Despite the danger on their doorstep, European leaders have lagged the United States in responding to Russian aggression in Ukraine. Until now, that is.
On Tuesday, the 28-nation European Union finally, and firmly, acknowledged the need for more muscular economic sanctions against Russia, even if they create newfound risks to E.U. member nations’ own sclerotic economies.
This laudable resolve is reflected in sanctions on some state-owned banks and restrictions on arms sales as well as technology and equipment for Russia’s oil industry.
After a teleconference on Monday with the leaders of the United Kingdom, France, Germany and Italy, the White House issued a statement stressing “the importance of coordinated sanctions measures on Russia for its continued transfer of arms, equipment and fighters into eastern Ukraine, including since the crash, and to press Russia to end its efforts to destabilize the country and instead choose a diplomatic path for resolving the crisis.”
“The crash,” of course, refers to the downing of Malaysia Airlines Flight 17, which the United Nations said on Monday may amount to a war crime. It was allegedly committed by separatists in eastern Ukraine, who are inspired, supported, armed and trained by Russia. Separatists were similarly enabled in Crimea, which Russia illegally annexed in March.
And now Russia is officially accused of breaking the Intermediate-range Nuclear Forces Treaty that was signed in 1987 by President Ronald Reagan and Soviet leader Mikhail Gorbachev. The treaty includes a ban on testing ground-launched cruise missiles capable of flying 300 to 3,400 miles. Russia allegedly broke the ban as far back as 2008.
The public airing of that accusation may have been timed to ratchet up pressure on Russia, as well as to put Russian President Vladimir Putin’s rogue behavior in context. Indeed, this crisis is not just a regional dispute along the Russia-Ukraine border. Rather, Putin’s autocratic, erratic behavior poses a direct threat to other Eastern and even Central European countries, as well as the overall post-Cold War order. And it doesn’t stop at continental borders, as evidenced by Russia’s protection of dictators like Syrian President Bashar Assad, who continues to kill his citizens at an appalling rate.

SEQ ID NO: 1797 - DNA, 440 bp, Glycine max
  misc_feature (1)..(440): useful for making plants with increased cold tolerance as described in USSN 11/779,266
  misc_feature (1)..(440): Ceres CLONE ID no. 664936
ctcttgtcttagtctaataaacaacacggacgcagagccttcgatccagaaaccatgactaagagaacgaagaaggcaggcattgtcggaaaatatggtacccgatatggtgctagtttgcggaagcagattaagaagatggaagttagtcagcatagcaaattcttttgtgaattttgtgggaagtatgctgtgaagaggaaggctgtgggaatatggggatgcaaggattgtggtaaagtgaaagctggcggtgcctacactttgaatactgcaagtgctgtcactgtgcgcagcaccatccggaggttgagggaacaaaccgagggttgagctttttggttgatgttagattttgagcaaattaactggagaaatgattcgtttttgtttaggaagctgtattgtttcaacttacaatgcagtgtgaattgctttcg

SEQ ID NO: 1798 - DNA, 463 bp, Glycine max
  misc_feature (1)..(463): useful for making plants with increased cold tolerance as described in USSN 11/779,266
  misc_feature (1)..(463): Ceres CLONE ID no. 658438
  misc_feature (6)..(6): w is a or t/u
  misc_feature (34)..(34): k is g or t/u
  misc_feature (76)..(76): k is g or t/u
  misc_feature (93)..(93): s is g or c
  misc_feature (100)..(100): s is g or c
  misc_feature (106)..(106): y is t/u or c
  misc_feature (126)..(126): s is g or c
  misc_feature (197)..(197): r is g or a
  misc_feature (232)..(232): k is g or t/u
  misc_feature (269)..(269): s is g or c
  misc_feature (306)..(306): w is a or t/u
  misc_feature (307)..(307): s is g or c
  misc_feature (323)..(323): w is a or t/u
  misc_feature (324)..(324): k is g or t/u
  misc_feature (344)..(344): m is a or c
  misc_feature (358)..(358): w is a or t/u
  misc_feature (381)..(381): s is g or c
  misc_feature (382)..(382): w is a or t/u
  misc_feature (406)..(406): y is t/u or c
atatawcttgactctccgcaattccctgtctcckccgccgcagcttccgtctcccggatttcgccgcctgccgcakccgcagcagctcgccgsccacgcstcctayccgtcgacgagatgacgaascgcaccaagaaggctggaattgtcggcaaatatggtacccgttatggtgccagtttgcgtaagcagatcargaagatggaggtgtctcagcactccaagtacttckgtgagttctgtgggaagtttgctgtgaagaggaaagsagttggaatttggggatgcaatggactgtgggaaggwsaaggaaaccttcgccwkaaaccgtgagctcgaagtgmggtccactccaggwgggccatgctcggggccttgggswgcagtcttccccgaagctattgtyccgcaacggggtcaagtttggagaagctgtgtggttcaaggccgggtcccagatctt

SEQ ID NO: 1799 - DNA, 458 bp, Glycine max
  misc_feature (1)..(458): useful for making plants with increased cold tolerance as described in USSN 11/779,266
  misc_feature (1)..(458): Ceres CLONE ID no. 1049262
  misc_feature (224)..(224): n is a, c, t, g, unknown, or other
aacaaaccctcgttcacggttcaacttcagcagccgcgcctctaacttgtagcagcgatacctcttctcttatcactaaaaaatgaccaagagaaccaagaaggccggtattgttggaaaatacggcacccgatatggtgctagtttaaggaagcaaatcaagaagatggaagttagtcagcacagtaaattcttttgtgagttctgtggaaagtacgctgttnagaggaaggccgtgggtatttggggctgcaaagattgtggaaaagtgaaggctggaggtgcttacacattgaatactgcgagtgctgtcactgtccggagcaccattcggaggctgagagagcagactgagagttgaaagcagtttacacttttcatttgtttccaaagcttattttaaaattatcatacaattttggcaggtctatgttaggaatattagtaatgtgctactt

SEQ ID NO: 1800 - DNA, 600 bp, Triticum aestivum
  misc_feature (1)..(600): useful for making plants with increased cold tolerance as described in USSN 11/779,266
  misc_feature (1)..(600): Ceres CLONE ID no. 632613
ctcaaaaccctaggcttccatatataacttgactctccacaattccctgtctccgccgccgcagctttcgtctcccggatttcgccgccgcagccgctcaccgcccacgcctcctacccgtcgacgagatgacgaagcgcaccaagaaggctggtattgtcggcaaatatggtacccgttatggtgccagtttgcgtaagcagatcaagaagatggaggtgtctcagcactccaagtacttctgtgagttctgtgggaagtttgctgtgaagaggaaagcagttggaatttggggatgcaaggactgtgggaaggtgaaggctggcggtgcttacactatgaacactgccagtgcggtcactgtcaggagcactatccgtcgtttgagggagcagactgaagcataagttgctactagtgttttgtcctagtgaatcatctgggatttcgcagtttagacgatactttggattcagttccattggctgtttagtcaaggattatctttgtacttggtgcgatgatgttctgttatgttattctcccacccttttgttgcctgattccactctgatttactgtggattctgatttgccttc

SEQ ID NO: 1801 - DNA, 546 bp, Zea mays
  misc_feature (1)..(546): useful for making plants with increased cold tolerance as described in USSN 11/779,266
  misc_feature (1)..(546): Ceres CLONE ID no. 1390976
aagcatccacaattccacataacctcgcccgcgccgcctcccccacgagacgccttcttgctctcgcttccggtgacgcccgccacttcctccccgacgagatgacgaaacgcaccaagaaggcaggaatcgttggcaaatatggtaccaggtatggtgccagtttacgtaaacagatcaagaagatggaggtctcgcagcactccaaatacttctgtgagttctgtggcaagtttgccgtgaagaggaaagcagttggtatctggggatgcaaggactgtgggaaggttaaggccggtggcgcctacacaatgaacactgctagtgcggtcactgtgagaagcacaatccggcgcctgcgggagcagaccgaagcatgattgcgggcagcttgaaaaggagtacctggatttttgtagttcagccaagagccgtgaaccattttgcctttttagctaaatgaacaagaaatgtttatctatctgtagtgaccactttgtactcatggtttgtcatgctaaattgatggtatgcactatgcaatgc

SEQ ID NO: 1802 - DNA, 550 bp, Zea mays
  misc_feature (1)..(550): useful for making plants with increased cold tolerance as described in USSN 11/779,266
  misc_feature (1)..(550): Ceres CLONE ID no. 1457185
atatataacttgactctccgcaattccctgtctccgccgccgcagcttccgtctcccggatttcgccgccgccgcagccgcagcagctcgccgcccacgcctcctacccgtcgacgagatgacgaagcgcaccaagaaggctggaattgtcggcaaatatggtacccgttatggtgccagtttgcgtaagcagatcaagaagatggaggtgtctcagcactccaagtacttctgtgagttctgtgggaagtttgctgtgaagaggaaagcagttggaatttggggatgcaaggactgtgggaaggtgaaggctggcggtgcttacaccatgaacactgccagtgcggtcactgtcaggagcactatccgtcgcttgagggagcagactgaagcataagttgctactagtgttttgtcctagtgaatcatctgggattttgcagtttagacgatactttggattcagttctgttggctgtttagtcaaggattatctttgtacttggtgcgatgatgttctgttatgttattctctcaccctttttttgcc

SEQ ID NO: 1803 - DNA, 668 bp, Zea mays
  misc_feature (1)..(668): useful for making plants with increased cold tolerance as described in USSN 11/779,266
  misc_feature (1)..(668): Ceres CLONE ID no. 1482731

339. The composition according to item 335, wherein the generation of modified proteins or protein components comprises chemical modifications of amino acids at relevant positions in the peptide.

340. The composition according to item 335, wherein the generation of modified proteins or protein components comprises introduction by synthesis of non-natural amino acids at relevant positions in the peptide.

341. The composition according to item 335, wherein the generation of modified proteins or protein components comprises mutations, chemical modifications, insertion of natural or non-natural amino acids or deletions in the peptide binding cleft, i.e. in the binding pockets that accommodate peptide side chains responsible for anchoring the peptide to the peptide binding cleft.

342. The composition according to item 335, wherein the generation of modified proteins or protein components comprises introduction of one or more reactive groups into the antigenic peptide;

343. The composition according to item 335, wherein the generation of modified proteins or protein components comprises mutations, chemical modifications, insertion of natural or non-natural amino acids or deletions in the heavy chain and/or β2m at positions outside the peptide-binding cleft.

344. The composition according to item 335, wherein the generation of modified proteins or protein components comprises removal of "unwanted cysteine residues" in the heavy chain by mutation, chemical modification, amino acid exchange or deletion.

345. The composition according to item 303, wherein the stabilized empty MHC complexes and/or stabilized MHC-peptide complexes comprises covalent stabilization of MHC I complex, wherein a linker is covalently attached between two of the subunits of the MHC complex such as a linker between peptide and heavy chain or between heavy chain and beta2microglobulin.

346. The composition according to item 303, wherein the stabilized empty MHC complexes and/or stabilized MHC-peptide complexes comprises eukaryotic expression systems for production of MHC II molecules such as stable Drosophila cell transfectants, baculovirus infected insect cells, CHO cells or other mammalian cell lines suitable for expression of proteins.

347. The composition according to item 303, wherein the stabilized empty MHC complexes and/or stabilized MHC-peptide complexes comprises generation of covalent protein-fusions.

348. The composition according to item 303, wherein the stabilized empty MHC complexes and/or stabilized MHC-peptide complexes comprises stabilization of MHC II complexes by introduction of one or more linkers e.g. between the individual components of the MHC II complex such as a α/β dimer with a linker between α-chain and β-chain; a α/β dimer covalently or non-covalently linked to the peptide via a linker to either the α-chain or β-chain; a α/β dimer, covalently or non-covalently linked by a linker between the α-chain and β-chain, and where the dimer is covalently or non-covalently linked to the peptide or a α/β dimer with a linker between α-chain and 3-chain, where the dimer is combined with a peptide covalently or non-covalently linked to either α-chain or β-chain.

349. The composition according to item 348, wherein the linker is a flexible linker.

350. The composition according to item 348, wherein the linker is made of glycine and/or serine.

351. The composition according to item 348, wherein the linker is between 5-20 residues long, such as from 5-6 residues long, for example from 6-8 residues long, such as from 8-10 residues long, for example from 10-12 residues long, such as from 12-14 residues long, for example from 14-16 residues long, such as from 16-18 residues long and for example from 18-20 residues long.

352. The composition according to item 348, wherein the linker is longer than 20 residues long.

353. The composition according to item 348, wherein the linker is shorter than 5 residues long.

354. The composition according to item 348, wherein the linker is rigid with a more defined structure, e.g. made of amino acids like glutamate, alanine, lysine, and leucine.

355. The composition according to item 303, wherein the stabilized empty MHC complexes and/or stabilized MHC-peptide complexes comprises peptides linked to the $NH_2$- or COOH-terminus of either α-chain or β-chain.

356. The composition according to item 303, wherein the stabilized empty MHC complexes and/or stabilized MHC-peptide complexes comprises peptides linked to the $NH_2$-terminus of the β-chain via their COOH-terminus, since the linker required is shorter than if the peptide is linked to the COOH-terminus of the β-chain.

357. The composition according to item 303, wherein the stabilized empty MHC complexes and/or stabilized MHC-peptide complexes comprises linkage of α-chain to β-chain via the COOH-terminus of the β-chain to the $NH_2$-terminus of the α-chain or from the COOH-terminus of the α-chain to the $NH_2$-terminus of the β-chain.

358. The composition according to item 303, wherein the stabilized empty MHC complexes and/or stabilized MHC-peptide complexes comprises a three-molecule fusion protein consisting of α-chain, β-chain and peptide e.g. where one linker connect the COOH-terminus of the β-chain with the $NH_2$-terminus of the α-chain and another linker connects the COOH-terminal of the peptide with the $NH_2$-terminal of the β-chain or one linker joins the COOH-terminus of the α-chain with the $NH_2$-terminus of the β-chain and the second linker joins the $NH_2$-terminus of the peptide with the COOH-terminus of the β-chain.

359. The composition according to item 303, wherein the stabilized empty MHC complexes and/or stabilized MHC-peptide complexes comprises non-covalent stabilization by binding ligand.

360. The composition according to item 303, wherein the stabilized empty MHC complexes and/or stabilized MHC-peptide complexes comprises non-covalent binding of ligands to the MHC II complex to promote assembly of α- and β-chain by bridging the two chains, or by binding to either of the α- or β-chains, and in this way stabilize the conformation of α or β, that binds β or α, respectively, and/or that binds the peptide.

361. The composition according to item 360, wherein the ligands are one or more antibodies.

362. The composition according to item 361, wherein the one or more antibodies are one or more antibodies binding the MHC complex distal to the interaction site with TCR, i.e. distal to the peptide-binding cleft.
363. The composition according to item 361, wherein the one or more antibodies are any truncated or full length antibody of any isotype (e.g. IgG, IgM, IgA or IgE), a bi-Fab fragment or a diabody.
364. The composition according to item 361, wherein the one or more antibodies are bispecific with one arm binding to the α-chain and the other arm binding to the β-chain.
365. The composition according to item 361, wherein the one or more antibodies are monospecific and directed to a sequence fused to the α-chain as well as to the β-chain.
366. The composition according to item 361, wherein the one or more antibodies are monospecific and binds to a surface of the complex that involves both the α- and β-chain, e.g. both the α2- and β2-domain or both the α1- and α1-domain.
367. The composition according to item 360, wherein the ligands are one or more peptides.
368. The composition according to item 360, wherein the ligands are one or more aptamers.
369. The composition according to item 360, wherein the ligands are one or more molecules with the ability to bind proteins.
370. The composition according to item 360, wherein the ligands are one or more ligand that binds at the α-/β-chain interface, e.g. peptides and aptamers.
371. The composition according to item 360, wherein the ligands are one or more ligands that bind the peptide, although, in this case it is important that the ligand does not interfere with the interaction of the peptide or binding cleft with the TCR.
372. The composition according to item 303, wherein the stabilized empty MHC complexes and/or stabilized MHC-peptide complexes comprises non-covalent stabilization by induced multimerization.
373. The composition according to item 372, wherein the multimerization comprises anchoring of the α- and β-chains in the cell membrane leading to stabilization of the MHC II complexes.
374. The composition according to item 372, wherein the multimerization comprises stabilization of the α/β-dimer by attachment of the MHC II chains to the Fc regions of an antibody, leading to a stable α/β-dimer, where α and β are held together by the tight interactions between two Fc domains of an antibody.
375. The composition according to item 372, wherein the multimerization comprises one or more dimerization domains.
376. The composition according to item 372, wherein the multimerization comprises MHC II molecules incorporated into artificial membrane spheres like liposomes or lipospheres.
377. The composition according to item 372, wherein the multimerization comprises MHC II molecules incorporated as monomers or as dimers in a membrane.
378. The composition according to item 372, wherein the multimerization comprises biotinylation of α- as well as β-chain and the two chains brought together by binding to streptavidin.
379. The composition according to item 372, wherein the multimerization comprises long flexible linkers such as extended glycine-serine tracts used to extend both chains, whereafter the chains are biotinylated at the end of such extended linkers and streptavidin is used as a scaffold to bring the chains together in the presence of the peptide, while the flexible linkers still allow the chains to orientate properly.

Hours after the E.U. announcement, Obama moved to mostly match the sanctions. Obama should also consider how best to enhance Europe’s energy security and Ukraine’s territorial security.
America’s energy revolution not only is a domestic game-changer, it can augment foreign policy, too. Expediting the ability to sell liquefied natural gas to Europe could be crucial in stiffening European resolve. And it could also signal to Putin that over time his trump card — energy — won’t erode Western unity.
The United States shouldn’t risk a military confrontation in eastern Ukraine. But Obama should strongly consider providing actionable intelligence to the Ukrainian government so it can end the rebellion. On Monday, the United Nations reported that 799 civilians had been killed and 2,155 wounded in clashes since mid-April and that 330 Ukrainian forces had been killed. (There were no estimates for rebel deaths.) U.S. intelligence can strengthen Ukraine’s military hand so the fighting, and the tragic toll, can stop.
Whether all of this is enough to change Putin’s cold calculus remains to be seen. Although he’s increasingly an international pariah, he’s popular at home, especially because of distortions disseminated by Russian media. If Flight 17 won’t convince Putin — Russia has ramped up its military involvement since the downed jet — money might. Or at least it could convince enough of Putin’s inner-ring supporters, as well as Russian citizens, that the aggression carries an unacceptable cost.
This won’t happen overnight. And it won’t happen at all if the West allows domestic economic and political concerns to soften the sanctions. U.S.-E.U. unity on confronting Russia has finally arrived. But unless it’s durable, it won’t contain Putin.